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Poachers shoot bald, golden eagles

South Dakota Game, Fish & Parks Department Conservation officer Andy Petersen holds an adult bald eagle that was found alive and shot over the weekend near Plankinton. (Courtesy photo)

PLANKINTON — Local law enforcement officials are asking for the public's help after locating two eagles that were shot in central South Dakota.

Andy Petersen — a South Dakota Game, Fish & Parks conservation officer based in Mitchell — said a golden eagle was fatally shot and a bald eagle was shot in the wing and wounded. The birds were located separately about 10 miles apart, both near Plankinton.

Petersen said a man called Saturday to report a wounded eagle that was sitting near a stock dam. The mature adult bald eagle was southeast of the Aurora County town.

"I caught it and looked it over, and it was hard to tell but there was some blood on the inside of the wing," Petersen said. "So we usually bring those right to the zoo in Sioux Falls. They X-ray them and look over the condition of the bird, and once that came back it was obvious it had been shot."

He estimated the bird was wounded for about one week and said a veterinarian determined it would never be able to fly again, which meant it was later euthanized.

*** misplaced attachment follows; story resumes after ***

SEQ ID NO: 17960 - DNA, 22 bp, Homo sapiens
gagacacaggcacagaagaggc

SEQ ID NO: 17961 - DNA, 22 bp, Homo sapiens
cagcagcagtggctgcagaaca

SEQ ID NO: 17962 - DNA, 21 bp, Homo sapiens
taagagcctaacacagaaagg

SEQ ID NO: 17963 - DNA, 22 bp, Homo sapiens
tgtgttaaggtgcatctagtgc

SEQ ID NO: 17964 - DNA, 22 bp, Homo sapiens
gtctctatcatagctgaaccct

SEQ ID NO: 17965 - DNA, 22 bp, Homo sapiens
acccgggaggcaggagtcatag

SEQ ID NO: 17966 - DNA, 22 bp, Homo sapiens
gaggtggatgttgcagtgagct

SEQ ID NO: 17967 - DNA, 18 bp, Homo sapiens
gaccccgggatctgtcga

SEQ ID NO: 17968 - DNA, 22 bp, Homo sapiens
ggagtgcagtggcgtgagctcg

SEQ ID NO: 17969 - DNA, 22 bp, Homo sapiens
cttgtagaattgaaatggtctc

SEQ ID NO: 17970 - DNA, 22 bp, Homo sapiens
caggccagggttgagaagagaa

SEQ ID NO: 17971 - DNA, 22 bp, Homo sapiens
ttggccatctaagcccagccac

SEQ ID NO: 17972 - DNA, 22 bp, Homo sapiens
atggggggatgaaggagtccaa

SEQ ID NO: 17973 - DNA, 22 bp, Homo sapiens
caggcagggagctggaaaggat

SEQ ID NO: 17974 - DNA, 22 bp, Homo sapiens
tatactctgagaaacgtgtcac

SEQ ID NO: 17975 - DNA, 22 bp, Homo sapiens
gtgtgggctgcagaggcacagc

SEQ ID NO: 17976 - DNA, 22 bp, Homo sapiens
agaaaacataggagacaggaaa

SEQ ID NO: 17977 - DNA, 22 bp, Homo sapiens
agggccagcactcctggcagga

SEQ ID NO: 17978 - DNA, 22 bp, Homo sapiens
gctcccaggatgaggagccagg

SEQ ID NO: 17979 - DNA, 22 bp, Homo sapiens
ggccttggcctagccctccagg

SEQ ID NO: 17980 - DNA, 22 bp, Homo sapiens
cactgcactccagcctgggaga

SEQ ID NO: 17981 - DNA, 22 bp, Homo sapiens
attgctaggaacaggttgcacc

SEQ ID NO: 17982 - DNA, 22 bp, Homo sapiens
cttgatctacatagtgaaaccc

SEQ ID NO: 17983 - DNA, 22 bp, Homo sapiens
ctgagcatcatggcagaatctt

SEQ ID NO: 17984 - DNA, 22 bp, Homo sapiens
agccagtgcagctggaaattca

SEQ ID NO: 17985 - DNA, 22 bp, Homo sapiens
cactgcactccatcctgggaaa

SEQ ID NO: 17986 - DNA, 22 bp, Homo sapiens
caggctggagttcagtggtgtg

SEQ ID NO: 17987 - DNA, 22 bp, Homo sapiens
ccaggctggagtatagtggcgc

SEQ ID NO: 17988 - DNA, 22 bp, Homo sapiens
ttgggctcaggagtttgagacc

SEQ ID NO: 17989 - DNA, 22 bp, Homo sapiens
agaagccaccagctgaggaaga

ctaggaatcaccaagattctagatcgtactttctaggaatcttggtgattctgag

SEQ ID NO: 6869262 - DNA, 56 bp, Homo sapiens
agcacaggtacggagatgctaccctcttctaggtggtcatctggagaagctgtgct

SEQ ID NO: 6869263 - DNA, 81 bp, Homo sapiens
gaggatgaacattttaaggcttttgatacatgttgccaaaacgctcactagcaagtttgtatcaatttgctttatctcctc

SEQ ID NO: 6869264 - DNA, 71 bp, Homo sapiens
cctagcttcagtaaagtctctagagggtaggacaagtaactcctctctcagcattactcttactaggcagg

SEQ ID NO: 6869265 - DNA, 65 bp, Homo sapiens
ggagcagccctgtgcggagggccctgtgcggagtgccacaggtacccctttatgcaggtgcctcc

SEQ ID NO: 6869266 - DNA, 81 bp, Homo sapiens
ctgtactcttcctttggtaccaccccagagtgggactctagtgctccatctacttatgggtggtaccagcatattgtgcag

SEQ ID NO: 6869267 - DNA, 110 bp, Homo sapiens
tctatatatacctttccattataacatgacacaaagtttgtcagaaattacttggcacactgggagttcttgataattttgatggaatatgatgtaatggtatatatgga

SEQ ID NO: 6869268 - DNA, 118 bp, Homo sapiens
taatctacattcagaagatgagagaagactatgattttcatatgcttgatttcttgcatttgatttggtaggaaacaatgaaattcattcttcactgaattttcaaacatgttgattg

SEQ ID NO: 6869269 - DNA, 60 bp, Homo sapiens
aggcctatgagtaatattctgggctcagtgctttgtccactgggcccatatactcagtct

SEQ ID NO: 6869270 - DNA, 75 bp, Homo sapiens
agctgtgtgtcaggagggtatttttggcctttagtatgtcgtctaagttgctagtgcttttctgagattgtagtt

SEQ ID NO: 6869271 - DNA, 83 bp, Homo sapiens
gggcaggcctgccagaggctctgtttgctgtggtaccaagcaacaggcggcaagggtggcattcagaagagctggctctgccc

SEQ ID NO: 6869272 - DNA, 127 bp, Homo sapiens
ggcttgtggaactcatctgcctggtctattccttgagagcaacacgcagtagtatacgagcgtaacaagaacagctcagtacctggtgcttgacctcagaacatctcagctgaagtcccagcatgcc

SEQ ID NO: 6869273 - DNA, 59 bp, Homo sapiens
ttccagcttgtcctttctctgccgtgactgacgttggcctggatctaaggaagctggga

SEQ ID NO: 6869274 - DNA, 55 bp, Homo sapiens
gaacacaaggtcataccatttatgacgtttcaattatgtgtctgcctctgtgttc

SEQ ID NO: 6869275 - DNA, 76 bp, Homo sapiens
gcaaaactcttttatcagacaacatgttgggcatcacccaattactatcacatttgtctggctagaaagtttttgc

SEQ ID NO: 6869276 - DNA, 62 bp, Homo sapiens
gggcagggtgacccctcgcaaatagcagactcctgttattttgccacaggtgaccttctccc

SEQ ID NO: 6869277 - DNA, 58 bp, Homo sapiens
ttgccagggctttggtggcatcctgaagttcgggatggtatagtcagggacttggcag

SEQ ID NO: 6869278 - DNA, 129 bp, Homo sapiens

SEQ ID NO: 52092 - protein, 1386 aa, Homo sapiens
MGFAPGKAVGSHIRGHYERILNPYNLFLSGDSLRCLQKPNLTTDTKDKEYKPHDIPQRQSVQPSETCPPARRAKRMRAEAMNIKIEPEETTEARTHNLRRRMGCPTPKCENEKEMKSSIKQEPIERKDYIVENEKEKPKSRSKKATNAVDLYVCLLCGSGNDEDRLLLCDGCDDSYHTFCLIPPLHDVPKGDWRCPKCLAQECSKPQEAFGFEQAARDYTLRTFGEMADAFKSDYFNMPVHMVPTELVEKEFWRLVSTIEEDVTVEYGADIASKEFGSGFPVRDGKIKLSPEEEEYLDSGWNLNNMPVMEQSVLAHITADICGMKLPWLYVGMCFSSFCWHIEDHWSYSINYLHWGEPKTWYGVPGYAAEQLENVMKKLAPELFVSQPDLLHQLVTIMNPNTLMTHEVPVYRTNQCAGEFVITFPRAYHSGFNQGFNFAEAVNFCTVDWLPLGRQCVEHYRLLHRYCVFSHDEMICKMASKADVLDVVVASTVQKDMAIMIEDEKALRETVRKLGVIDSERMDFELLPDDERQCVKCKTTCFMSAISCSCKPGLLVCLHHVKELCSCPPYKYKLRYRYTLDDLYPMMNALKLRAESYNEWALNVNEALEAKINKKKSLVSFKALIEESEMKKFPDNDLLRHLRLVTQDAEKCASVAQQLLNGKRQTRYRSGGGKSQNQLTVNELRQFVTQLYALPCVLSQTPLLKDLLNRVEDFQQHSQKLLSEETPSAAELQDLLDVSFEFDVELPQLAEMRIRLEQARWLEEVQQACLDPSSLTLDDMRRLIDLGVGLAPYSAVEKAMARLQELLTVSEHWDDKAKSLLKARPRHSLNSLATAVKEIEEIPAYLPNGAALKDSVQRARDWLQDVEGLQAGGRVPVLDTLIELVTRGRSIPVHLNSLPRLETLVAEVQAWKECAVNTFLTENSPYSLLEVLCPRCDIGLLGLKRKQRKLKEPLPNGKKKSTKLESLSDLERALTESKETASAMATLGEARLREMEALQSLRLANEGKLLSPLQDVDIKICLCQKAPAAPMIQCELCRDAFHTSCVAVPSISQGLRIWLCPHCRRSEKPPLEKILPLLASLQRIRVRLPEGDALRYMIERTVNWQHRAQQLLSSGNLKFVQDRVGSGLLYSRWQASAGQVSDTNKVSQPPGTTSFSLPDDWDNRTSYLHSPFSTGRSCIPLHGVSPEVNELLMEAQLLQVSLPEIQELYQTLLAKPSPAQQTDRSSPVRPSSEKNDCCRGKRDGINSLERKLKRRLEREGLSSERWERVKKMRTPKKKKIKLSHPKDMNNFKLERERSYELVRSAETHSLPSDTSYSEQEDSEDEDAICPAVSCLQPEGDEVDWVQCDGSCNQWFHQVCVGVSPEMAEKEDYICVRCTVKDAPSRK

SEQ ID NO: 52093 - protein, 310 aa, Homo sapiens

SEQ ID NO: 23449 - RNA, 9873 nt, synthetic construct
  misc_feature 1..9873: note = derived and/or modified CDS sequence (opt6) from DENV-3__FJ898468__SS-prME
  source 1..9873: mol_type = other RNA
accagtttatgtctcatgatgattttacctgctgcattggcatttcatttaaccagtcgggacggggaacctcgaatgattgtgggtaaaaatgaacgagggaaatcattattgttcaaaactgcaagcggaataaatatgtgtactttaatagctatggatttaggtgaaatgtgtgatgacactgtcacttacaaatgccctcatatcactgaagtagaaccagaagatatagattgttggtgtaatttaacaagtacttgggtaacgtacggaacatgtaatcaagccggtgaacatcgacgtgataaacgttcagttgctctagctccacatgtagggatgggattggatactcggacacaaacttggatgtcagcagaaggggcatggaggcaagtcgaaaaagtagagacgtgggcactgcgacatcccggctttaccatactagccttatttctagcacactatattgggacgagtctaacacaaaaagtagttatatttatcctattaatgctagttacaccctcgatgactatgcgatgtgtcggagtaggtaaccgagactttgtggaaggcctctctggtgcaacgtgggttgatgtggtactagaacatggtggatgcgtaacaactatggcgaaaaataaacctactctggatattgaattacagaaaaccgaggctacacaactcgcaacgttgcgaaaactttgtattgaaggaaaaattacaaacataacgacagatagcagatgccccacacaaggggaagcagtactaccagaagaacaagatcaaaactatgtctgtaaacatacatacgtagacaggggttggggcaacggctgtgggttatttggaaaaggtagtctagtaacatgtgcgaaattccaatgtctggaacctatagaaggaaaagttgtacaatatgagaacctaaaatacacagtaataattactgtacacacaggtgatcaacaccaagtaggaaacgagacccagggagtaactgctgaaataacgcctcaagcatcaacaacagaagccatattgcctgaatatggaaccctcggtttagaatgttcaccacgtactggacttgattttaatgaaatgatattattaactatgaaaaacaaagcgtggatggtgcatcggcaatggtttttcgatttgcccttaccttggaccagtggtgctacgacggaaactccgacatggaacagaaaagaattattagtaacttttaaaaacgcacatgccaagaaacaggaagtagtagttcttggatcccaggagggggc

The golden eagle was located north of Plankinton near the intersection of 389th Avenue and 245th Street. Petersen suspected the golden eagle was shot more recently than the bald eagle.

He also believes the same person or people shot the birds.

Eagles are protected by both federal and state law under the Migratory Bird Treaty Act and the Bald and Golden Eagle Protection Act. Petersen and authorities are asking anyone with information to call the Turn-In-Poachers hotline at 1-888-OVERBAG. Callers can remain anonymous and are eligible for a reward with information leading to an arrest.

This is the first case of someone shooting eagles that Petersen has worked, but he acknowledged that due to a rise in eagle populations that more have been shot in recent years.

"Now that there are more birds, eagles are following the flyway of waterfowl in the spring and the fall," Petersen said. "With their populations rising, especially in the last few years I've gotten a lot of calls on crippled eagles that have hit power lines."

According to the U.S. Fish and Wildlife Service, bald eagles were in danger of extinction as recently as 40 years ago. In June of 2007, bald eagles were removed from the list of threatened or endangered species. Today, the U.S. Fish & Wildlife Service estimates there are 9,789 nesting pairs of bald eagles in the contiguous United States.